"It IS all about the TASTE"
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  • Tea Eggs (Cha Ye Dan)

    Tea_Eggs

    Here is a little number that has fascinated me for quite some time. I first experienced, these fantastic looking marbled eggs with a light fragrance and outstanding taste, in a surprising hole-in-the-wall in Chinatown, and they have been twisting my imagination ever since.

    As the execrable advertisement said. “Quick… To the cloud!”. Time to do some research..

    Wikipedia says:

    Tea egg is a typical Chinese savory food commonly sold as a snack, in which a pre-boiled egg is cracked and then boiled again in tea, sauce and/or spices. It is also known as marble egg because cracks in the egg shell create darkened lines with marble-like patterns. Commonly sold by street vendors or in night markets in most Chinese communities throughout the world, it is also commonly served in Asian restaurants. Although it originated from China and is traditionally associated with Chinese cuisine, other similar recipes and variations have been developed throughout Asia.

    The process is, as all elegant things, fairly simple. Eggs are hard-boiled, then cracked, but not peeled, rested, then simmered in a steeping mixture. (I have so many side comments in the vein, of “A hard-boiled egg, please. Cracked, but not peeled… All in a Sean Connery brough)
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  • Smoke and Fire 2014

    tritip

    It is Memorial Day, and due to the odd fates, I have been banished into the city for the holiday.. Nothing to do but BBQ…

    And by BBQ, I do not mean grill, ANY IDIOT CAN BURN MEAT OVER AN OPEN FIRE. But, to use the gentle mixture of low heat, slow cooking and bathing in the luscious smoke of slow burning fragrant hardwood, transforming a “cheaper” cut of meat into an excursion into culinary nirvana truly requires a master’s touch.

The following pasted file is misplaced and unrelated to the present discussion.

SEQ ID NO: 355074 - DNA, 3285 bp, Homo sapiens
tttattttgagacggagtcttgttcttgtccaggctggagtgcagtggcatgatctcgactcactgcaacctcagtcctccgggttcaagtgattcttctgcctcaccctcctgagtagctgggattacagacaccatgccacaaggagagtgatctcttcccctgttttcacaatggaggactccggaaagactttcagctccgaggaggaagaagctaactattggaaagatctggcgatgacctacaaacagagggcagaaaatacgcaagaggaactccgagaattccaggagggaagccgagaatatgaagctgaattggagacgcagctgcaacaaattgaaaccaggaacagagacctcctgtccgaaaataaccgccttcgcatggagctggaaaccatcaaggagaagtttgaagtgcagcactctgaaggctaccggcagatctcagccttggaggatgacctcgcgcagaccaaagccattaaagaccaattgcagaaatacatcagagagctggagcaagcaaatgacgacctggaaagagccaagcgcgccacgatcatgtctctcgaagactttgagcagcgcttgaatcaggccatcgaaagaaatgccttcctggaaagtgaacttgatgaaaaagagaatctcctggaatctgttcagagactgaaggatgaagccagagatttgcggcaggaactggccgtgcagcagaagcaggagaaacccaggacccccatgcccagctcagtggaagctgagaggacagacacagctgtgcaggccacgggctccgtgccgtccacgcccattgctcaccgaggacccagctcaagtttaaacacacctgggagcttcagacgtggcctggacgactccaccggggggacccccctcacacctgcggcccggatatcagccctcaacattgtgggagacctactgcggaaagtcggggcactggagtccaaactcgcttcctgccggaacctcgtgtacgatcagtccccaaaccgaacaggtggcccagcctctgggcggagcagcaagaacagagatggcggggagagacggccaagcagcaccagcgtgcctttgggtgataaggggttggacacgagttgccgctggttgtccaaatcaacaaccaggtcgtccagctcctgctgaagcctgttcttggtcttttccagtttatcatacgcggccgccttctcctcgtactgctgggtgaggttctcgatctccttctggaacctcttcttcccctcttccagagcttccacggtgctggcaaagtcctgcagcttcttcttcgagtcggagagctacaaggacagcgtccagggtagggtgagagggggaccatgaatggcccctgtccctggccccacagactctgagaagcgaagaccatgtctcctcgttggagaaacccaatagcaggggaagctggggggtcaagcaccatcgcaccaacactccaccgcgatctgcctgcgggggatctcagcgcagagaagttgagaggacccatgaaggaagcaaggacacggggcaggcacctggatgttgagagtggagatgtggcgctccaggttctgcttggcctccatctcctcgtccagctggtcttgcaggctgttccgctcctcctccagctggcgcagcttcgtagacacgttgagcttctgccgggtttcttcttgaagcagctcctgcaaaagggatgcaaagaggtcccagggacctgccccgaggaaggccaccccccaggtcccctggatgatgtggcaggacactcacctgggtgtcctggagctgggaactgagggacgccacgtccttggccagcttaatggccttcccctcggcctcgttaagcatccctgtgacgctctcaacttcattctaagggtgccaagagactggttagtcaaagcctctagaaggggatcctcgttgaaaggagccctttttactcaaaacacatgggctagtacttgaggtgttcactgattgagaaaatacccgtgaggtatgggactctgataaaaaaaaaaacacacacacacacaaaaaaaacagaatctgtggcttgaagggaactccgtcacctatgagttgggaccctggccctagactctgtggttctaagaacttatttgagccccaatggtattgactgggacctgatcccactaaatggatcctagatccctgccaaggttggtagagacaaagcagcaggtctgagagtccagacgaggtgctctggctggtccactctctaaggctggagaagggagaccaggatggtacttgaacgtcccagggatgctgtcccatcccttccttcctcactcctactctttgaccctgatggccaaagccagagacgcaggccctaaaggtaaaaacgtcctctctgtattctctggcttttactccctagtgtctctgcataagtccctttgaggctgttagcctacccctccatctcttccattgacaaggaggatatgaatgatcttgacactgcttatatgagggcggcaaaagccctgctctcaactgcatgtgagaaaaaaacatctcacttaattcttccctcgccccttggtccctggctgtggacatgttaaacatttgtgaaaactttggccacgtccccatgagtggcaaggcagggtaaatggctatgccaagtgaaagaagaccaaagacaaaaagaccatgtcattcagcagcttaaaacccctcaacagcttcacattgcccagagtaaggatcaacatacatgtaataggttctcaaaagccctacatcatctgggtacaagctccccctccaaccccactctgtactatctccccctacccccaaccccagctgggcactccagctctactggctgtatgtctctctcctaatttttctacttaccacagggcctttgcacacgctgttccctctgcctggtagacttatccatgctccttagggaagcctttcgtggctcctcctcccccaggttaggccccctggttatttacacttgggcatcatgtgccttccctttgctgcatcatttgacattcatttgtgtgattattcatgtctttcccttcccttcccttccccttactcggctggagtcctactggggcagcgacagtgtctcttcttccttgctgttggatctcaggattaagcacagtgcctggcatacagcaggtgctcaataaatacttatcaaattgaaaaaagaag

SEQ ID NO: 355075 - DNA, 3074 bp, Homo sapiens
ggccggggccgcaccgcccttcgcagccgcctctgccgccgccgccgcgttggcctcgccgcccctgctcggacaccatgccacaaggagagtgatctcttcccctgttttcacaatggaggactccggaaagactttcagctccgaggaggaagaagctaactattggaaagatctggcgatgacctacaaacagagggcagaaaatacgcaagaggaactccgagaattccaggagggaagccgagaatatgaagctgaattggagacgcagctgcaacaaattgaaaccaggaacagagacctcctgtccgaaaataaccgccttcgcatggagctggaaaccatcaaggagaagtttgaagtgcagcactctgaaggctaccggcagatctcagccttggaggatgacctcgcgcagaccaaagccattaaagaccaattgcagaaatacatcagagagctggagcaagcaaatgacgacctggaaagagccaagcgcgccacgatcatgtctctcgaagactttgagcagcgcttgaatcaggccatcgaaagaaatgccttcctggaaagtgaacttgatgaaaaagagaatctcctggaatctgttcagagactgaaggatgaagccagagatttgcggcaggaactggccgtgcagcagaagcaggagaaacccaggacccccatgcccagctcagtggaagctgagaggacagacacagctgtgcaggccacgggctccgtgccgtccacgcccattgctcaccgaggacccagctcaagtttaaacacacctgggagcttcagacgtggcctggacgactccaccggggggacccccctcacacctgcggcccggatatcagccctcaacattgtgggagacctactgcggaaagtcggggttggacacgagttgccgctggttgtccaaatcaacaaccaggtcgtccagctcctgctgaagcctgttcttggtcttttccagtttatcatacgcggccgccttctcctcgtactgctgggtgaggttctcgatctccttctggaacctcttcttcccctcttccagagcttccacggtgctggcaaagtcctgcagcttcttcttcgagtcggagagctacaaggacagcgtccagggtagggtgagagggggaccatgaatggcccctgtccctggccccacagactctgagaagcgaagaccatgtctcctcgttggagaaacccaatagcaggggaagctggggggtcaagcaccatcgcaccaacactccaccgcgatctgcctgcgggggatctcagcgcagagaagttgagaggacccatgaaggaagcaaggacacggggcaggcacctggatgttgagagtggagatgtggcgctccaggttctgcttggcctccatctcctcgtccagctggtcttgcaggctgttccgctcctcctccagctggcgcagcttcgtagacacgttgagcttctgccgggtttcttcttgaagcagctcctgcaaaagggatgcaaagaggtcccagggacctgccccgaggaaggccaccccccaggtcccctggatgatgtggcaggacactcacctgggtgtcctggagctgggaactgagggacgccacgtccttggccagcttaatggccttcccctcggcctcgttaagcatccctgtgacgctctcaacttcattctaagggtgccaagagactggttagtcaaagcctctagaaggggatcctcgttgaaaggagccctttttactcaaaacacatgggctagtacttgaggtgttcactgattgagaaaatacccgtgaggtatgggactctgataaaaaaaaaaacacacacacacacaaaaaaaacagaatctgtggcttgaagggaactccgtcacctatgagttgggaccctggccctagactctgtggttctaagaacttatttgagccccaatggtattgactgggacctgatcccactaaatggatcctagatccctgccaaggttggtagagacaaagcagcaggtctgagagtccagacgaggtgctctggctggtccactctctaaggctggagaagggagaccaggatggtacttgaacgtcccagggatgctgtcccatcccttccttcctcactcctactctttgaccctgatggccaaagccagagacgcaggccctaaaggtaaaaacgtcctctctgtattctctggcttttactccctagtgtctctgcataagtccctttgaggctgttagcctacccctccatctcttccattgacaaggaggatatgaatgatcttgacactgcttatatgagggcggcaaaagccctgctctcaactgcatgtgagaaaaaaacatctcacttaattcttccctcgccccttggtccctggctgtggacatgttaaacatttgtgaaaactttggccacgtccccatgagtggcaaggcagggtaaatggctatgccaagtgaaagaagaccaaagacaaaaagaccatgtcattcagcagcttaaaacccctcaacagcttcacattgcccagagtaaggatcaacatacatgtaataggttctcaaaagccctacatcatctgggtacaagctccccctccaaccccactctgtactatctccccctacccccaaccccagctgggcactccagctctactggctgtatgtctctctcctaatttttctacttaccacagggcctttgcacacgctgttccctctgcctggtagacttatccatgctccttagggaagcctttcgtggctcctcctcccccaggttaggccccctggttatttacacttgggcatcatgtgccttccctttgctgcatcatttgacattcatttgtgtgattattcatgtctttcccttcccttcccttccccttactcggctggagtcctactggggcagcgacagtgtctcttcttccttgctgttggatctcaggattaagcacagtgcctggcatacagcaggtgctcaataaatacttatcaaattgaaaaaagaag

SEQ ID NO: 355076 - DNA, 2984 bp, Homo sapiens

Of all the meats for low and slow smoking, I believe the brisket is the “King of Smoke”. The high collagen and heavy marbling lend this meat to the low and sustained heat and as the meas fibers swell they absorb the sweet rub and pungent smoke to deliver a taste that can NOT be duplicated by any other means.

    Once a suitable brisket has been found, one must remove any ligaments, and silverskin, but leave a goodly amount of the fat cap to keep the meat moist and lubed during the low, slow, crawl to bbq heaven.

    Rubs are a must for any good bbq or smoke job. If you do not do this, you really are missing out on 1/2 the flavor and 1/2 the fun of BBQ or smoking. To weave the subtle components of meat, smoke and spice into a heavenly culinary experience takes knowledge, technique and skill.

    For brisket a nice sweet / spicy rub, that will caramelize on the surface and force the juices back into the meat is a key element, the rub also helps to trap the wonderful smoke taste, that is just soo much of the BBQ taste…

     

    Smoke and Fire 2014
    Recipe Type: Spice Combo / Rub
    Cuisine: American
    Author: RogueChef
    Prep time:
    Total time:
    Serves: 0
    Sweet / Spicy rub for slow smoked beef (Brisket)
    Ingredients
    • 1/2 Cup Paprika Hot / Smoked adds soo much
    • 1 Cup Brown Sugar Dark is preferred
    • 2 1/2 TBS Black Pepper Coarse Grind or Cracked for a bit more kick
    • 1 1/2 TBS Garlic Powder –
    • 1 1/2 tsp Chilli Powder Adjust the Heat, Coarse Power is MUCH hotter
    • 1 1/2 TBS Onion Powder –
    • 1 tsp Cayenne Or Powdered Habenero
    • 2 TBS Kosher Salt –
    Instructions
    1. In your blender (food processor) mix the dark brown sugar and the paprika (Use Pulses). Make sure all lumps are worked out and that the paprika is incorporated with the brown sugar.
    2. When the mixture is smooth in texture add the remaining ingredients one at a time mixing well and removing the lumps.
    3. Store for up to 2 weeks in the zip lock bag